“Finn: What the hell’s a reaper?
Lincoln: Pray you never find out.”

It is revealed that reapers are Grounders-turned-cannibals and they play a bigger role in the war between the Sky People and Mountain Men than we might have imagined. Armed with high-frequency sonic devices, the Mountain Men are able to control reapers and use them as pawns against the Grounder faction.

And because this is The 100 we’re talking about, our beloved Lincoln is not spared from his ironic fate. After capture by the Mountain Men, Lincoln is tagged for the Cerberus program and is turned into the monster he fears. This is a particularly nasty shock for Octavia, who has been searching madly for him, when he almost has her for lunch.

Although later in the season he is nursed back to health, it is clear that his memories from being a reaper still haunts him.

3) Octavia joins the Grounders

Me, Grounder.

Me, Grounder.

Octavia, having spent a lot of time with Lincoln in Season One, clearly has learnt a thing or three (besides the art of smooching) about the Grounders from him. She learns how to introduce herself as “Octavia, of the Sky People” in Grounder and how to earn their respect, which turns out to be a huge help when Lincoln goes missing during his stint as a reaper.

Her drive and strength attracts Indra’s attention, resulting in Indra’s proposal for Octavia to be her second, which is Grounder slang for understudy.

Towards the end of the season, Octavia goes native, smearing on Grounder make-up and tying her hair up in badass braids. She even gives Jaspar advice on how to cut Cage’s throat and beat up some Mount Weather guards with her cool martial arts skillz.

However, after Lexa breaks the alliance between the Sky People and the Grounders, her refusal to leave her friends at Mount Weather causes Indra to disown her as her second. My heart went out to her when she tells Jackson she “doesn’t have a home”, because it’s painfully true — she has never truly belonged on The Ark.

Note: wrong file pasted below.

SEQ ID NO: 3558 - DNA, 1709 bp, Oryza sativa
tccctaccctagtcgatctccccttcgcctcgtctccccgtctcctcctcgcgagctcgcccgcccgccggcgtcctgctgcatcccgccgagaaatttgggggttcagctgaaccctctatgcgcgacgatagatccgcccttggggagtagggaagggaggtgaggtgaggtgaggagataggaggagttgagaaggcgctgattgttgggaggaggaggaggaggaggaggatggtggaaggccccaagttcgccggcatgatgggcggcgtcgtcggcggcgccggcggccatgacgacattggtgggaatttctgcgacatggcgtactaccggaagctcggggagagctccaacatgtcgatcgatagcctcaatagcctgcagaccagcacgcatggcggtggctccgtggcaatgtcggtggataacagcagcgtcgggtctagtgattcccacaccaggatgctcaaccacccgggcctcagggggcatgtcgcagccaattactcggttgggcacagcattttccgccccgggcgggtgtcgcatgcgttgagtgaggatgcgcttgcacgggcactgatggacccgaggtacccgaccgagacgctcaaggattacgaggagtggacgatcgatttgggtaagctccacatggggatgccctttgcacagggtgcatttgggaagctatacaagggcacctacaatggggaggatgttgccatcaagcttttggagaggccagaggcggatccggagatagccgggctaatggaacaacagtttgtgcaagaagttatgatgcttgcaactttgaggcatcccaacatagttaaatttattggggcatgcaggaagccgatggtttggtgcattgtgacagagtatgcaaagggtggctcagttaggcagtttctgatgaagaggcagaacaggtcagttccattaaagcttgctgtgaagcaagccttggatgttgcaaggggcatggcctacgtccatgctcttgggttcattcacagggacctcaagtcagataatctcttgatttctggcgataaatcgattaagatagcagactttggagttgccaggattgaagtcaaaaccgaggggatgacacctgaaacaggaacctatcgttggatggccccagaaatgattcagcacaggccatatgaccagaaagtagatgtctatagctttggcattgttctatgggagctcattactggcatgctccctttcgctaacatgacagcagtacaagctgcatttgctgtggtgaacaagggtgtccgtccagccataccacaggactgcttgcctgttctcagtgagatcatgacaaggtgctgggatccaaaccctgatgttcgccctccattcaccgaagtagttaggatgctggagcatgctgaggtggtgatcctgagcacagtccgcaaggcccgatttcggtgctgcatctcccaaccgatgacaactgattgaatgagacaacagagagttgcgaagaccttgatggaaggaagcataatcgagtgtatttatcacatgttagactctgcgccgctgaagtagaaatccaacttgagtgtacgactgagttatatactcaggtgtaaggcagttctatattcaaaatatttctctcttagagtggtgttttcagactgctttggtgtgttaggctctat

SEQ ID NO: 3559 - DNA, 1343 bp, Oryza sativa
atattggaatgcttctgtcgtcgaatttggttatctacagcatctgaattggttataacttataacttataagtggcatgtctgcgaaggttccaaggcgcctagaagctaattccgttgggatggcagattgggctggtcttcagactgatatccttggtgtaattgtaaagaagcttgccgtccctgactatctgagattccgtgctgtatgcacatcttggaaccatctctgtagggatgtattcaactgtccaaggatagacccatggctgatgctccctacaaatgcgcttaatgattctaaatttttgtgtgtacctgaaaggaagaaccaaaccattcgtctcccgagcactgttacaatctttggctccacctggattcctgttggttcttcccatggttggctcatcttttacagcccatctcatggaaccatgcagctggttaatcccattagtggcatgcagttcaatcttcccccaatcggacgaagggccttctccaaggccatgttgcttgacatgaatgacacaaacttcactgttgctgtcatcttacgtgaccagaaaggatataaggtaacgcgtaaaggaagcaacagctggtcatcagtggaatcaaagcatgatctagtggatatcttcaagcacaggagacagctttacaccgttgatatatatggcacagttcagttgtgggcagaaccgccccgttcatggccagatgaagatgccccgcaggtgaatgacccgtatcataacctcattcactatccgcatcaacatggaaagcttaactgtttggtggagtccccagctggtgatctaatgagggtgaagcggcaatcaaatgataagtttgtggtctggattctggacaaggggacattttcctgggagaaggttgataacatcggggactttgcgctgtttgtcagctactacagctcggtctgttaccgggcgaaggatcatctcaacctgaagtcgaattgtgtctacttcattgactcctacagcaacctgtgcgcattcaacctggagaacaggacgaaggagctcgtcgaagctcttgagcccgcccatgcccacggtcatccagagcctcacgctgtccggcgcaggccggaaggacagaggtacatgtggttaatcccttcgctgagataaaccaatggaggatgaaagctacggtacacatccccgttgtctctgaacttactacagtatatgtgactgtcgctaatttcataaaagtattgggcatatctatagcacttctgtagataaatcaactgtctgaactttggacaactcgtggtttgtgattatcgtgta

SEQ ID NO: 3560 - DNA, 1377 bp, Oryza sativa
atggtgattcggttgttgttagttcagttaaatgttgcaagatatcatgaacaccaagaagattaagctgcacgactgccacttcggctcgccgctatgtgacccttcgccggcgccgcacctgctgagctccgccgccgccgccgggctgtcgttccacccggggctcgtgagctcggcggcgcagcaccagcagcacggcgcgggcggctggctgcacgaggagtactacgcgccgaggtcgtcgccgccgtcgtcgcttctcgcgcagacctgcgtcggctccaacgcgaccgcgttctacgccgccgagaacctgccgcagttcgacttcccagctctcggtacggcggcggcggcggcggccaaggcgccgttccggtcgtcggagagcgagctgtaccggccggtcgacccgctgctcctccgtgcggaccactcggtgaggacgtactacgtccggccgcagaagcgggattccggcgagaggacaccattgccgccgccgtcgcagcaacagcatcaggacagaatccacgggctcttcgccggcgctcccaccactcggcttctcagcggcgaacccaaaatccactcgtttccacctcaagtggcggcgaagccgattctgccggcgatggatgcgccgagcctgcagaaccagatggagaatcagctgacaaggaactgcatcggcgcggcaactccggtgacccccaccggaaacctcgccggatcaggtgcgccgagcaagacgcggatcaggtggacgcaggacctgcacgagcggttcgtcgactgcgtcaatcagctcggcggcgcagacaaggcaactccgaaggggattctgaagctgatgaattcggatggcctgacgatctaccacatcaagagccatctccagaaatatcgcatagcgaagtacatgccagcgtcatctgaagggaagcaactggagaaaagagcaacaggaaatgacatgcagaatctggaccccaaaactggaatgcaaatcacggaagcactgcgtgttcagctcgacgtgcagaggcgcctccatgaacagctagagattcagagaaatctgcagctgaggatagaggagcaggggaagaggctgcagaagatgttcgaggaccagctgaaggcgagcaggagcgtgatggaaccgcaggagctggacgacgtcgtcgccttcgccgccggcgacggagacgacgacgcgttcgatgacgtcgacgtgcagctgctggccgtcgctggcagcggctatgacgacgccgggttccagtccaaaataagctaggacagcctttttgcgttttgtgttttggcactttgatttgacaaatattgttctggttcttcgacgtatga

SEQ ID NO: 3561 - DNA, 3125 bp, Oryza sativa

4) Lexa betrays Clarke

It's nothing personal, really.

It’s nothing personal, really.

Lexa, the new commander of the Grounders, is a deliciously refreshing addition to the cast; especially because she doesn’t try to kill Sky People every chance she gets. Lexa is smart enough to see that an alliance with the Sky People would be beneficial for the Grounders. Lexa and Clarke also work well together, taking down oversized gorillas and saving each other from close calls — and a missile.

Things go well at first: the Grounders are getting along with the Sky People until Lexa becomes the ultimate turncoat five seconds before the Grounders and Sky People storm Mount Weather. Lexa makes a deal with Mount Weather to get her own people out, leaving the Sky People trapped in Mount Weather where their fate is to be drilled for their bone marrow.

This is a huge game changer. Although Clarke eventually saves her friends, we wonder what’s going to become of the relationship between the Sky People and the Grounders’ now?

5) Clarke makes some tough choices

I really MUST have a word with the chef

I really MUST have a word with the chef

To save her people, Clarke has had to make a few difficult decisions. Season Two sure has been hard on her. She has to give up Finn for an alliance with the Grounders, escape Tondc without warning the people a missile is coming for them, and irradiate Mount Weather, ending the lives of the innocent there.